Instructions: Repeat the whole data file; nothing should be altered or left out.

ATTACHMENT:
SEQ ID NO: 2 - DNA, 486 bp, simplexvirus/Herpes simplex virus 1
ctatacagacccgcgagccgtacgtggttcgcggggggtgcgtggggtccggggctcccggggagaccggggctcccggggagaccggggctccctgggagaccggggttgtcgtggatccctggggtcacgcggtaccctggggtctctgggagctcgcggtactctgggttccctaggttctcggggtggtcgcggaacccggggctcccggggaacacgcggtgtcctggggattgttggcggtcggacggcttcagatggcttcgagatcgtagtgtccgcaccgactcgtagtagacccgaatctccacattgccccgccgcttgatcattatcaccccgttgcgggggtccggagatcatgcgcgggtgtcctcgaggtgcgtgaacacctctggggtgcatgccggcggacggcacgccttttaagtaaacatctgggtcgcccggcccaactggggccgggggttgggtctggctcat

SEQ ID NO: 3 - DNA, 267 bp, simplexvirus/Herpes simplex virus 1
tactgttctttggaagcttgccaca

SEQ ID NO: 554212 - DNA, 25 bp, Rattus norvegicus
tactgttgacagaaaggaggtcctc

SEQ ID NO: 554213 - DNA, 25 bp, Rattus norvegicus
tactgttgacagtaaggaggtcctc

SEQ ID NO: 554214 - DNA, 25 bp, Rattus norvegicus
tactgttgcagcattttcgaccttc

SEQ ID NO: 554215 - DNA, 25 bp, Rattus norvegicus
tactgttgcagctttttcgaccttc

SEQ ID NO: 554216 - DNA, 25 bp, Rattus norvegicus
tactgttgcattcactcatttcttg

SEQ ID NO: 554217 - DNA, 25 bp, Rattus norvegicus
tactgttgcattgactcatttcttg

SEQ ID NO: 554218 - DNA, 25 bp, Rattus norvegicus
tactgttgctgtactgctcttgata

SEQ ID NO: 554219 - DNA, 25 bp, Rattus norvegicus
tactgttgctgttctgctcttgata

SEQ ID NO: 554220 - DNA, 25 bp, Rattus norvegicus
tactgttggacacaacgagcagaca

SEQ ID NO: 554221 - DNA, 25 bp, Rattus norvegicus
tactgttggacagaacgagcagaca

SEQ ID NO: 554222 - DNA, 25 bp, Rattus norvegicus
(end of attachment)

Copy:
SEQ ID NO: 2 - DNA, 486 bp, simplexvirus/Herpes simplex virus 1
ctatacagacccgcgagccgtacgtggttcgcggggggtgcgtggggtccggggctcccggggagaccggggctcccggggagaccggggctccctgggagaccggggttgtcgtggatccctggggtcacgcggtaccctggggtctctgggagctcgcggtactctgggttccctaggttctcggggtggtcgcggaacccggggctcccggggaacacgcggtgtcctggggattgttggcggtcggacggcttcagatggcttcgagatcgtagtgtccgcaccgactcgtagtagacccgaatctccacattgccccgccgcttgatcattatcaccccgttgcgggggtccggagatcatgcgcgggtgtcctcgaggtgcgtgaacacctctggggtgcatgccggcggacggcacgccttttaagtaaacatctgggtcgcccggcccaactggggccgggggttgggtctggctcat

SEQ ID NO: 3 - DNA, 267 bp, simplexvirus/Herpes simplex virus 1
tactgttctttggaagcttgccaca

SEQ ID NO: 554212 - DNA, 25 bp, Rattus norvegicus
tactgttgacagaaaggaggtcctc

SEQ ID NO: 554213 - DNA, 25 bp, Rattus norvegicus
tactgttgacagtaaggaggtcctc

SEQ ID NO: 554214 - DNA, 25 bp, Rattus norvegicus
tactgttgcagcattttcgaccttc

SEQ ID NO: 554215 - DNA, 25 bp, Rattus norvegicus
tactgttgcagctttttcgaccttc

SEQ ID NO: 554216 - DNA, 25 bp, Rattus norvegicus
tactgttgcattcactcatttcttg

SEQ ID NO: 554217 - DNA, 25 bp, Rattus norvegicus
tactgttgcattgactcatttcttg

SEQ ID NO: 554218 - DNA, 25 bp, Rattus norvegicus
tactgttgctgtactgctcttgata

SEQ ID NO: 554219 - DNA, 25 bp, Rattus norvegicus
tactgttgctgttctgctcttgata

SEQ ID NO: 554220 - DNA, 25 bp, Rattus norvegicus
tactgttggacacaacgagcagaca

SEQ ID NO: 554221 - DNA, 25 bp, Rattus norvegicus
tactgttggacagaacgagcagaca

SEQ ID NO: 554222 - DNA, 25 bp, Rattus norvegicus